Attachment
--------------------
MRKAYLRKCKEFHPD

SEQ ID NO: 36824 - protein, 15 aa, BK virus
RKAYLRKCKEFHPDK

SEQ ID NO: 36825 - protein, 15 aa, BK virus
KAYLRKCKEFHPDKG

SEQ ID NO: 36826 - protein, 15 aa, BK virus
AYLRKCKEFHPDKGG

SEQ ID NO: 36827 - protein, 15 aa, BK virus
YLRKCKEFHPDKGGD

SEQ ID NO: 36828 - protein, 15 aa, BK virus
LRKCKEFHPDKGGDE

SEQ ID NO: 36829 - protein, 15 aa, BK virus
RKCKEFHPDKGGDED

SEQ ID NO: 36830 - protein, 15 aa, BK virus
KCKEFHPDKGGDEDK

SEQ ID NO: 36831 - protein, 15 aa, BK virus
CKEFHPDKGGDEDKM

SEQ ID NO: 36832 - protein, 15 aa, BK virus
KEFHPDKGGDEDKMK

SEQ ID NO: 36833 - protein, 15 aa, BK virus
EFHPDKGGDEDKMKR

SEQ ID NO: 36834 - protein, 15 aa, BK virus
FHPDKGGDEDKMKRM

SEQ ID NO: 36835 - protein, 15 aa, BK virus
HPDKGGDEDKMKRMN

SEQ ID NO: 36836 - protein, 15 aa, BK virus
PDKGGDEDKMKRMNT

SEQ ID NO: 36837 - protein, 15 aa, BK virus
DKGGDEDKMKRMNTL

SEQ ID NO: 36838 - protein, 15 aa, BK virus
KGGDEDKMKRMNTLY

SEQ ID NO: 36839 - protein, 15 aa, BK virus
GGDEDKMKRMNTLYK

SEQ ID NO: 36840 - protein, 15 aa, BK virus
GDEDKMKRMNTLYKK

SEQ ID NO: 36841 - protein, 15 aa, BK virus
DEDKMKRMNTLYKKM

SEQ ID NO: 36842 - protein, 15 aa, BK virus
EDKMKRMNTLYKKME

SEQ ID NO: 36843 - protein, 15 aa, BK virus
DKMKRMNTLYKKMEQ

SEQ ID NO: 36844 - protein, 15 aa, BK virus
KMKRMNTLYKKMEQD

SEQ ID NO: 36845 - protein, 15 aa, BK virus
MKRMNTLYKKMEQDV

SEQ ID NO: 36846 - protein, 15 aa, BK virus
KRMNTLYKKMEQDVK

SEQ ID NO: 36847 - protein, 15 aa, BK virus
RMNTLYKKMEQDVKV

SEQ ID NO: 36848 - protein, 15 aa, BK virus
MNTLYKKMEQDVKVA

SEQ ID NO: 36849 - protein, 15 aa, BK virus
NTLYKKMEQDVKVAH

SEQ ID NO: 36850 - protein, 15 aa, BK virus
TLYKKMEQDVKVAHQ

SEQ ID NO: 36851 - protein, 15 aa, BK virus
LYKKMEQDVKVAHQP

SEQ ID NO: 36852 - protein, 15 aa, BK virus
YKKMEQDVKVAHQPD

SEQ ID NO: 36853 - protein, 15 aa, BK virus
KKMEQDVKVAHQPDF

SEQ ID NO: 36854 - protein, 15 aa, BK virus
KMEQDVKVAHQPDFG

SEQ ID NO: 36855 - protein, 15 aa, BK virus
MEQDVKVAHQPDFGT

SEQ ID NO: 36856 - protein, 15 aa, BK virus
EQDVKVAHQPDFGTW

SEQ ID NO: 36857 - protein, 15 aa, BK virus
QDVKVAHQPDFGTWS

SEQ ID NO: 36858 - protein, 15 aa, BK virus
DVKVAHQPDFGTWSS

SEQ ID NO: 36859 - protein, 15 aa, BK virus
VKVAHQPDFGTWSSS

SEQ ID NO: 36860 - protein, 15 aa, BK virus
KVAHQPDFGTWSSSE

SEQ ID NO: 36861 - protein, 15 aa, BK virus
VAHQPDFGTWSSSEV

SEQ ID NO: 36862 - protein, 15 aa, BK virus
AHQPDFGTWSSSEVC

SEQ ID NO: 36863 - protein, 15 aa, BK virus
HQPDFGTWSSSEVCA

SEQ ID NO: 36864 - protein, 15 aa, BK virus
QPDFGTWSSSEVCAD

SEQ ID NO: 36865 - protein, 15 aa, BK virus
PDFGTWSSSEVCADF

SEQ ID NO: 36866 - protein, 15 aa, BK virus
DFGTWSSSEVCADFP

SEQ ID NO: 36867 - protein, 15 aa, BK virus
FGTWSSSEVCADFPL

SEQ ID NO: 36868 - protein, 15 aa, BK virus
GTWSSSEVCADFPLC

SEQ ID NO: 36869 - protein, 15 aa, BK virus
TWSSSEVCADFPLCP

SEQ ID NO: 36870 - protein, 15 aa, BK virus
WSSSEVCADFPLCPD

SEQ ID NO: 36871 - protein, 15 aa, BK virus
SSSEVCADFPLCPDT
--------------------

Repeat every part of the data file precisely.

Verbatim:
MRKAYLRKCKEFHPD

SEQ ID NO: 36824 - protein, 15 aa, BK virus
RKAYLRKCKEFHPDK

SEQ ID NO: 36825 - protein, 15 aa, BK virus
KAYLRKCKEFHPDKG

SEQ ID NO: 36826 - protein, 15 aa, BK virus
AYLRKCKEFHPDKGG

SEQ ID NO: 36827 - protein, 15 aa, BK virus
YLRKCKEFHPDKGGD

SEQ ID NO: 36828 - protein, 15 aa, BK virus
LRKCKEFHPDKGGDE

SEQ ID NO: 36829 - protein, 15 aa, BK virus
RKCKEFHPDKGGDED

SEQ ID NO: 36830 - protein, 15 aa, BK virus
KCKEFHPDKGGDEDK

SEQ ID NO: 36831 - protein, 15 aa, BK virus
CKEFHPDKGGDEDKM

SEQ ID NO: 36832 - protein, 15 aa, BK virus
KEFHPDKGGDEDKMK

SEQ ID NO: 36833 - protein, 15 aa, BK virus
EFHPDKGGDEDKMKR

SEQ ID NO: 36834 - protein, 15 aa, BK virus
FHPDKGGDEDKMKRM

SEQ ID NO: 36835 - protein, 15 aa, BK virus
HPDKGGDEDKMKRMN

SEQ ID NO: 36836 - protein, 15 aa, BK virus
PDKGGDEDKMKRMNT

SEQ ID NO: 36837 - protein, 15 aa, BK virus
DKGGDEDKMKRMNTL

SEQ ID NO: 36838 - protein, 15 aa, BK virus
KGGDEDKMKRMNTLY

SEQ ID NO: 36839 - protein, 15 aa, BK virus
GGDEDKMKRMNTLYK

SEQ ID NO: 36840 - protein, 15 aa, BK virus
GDEDKMKRMNTLYKK

SEQ ID NO: 36841 - protein, 15 aa, BK virus
DEDKMKRMNTLYKKM

SEQ ID NO: 36842 - protein, 15 aa, BK virus
EDKMKRMNTLYKKME

SEQ ID NO: 36843 - protein, 15 aa, BK virus
DKMKRMNTLYKKMEQ

SEQ ID NO: 36844 - protein, 15 aa, BK virus
KMKRMNTLYKKMEQD

SEQ ID NO: 36845 - protein, 15 aa, BK virus
MKRMNTLYKKMEQDV

SEQ ID NO: 36846 - protein, 15 aa, BK virus
KRMNTLYKKMEQDVK

SEQ ID NO: 36847 - protein, 15 aa, BK virus
RMNTLYKKMEQDVKV

SEQ ID NO: 36848 - protein, 15 aa, BK virus
MNTLYKKMEQDVKVA

SEQ ID NO: 36849 - protein, 15 aa, BK virus
NTLYKKMEQDVKVAH

SEQ ID NO: 36850 - protein, 15 aa, BK virus
TLYKKMEQDVKVAHQ

SEQ ID NO: 36851 - protein, 15 aa, BK virus
LYKKMEQDVKVAHQP

SEQ ID NO: 36852 - protein, 15 aa, BK virus
YKKMEQDVKVAHQPD

SEQ ID NO: 36853 - protein, 15 aa, BK virus
KKMEQDVKVAHQPDF

SEQ ID NO: 36854 - protein, 15 aa, BK virus
KMEQDVKVAHQPDFG

SEQ ID NO: 36855 - protein, 15 aa, BK virus
MEQDVKVAHQPDFGT

SEQ ID NO: 36856 - protein, 15 aa, BK virus
EQDVKVAHQPDFGTW

SEQ ID NO: 36857 - protein, 15 aa, BK virus
QDVKVAHQPDFGTWS

SEQ ID NO: 36858 - protein, 15 aa, BK virus
DVKVAHQPDFGTWSS

SEQ ID NO: 36859 - protein, 15 aa, BK virus
VKVAHQPDFGTWSSS

SEQ ID NO: 36860 - protein, 15 aa, BK virus
KVAHQPDFGTWSSSE

SEQ ID NO: 36861 - protein, 15 aa, BK virus
VAHQPDFGTWSSSEV

SEQ ID NO: 36862 - protein, 15 aa, BK virus
AHQPDFGTWSSSEVC

SEQ ID NO: 36863 - protein, 15 aa, BK virus
HQPDFGTWSSSEVCA

SEQ ID NO: 36864 - protein, 15 aa, BK virus
QPDFGTWSSSEVCAD

SEQ ID NO: 36865 - protein, 15 aa, BK virus
PDFGTWSSSEVCADF

SEQ ID NO: 36866 - protein, 15 aa, BK virus
DFGTWSSSEVCADFP

SEQ ID NO: 36867 - protein, 15 aa, BK virus
FGTWSSSEVCADFPL

SEQ ID NO: 36868 - protein, 15 aa, BK virus
GTWSSSEVCADFPLC

SEQ ID NO: 36869 - protein, 15 aa, BK virus
TWSSSEVCADFPLCP

SEQ ID NO: 36870 - protein, 15 aa, BK virus
WSSSEVCADFPLCPD

SEQ ID NO: 36871 - protein, 15 aa, BK virus
SSSEVCADFPLCPDT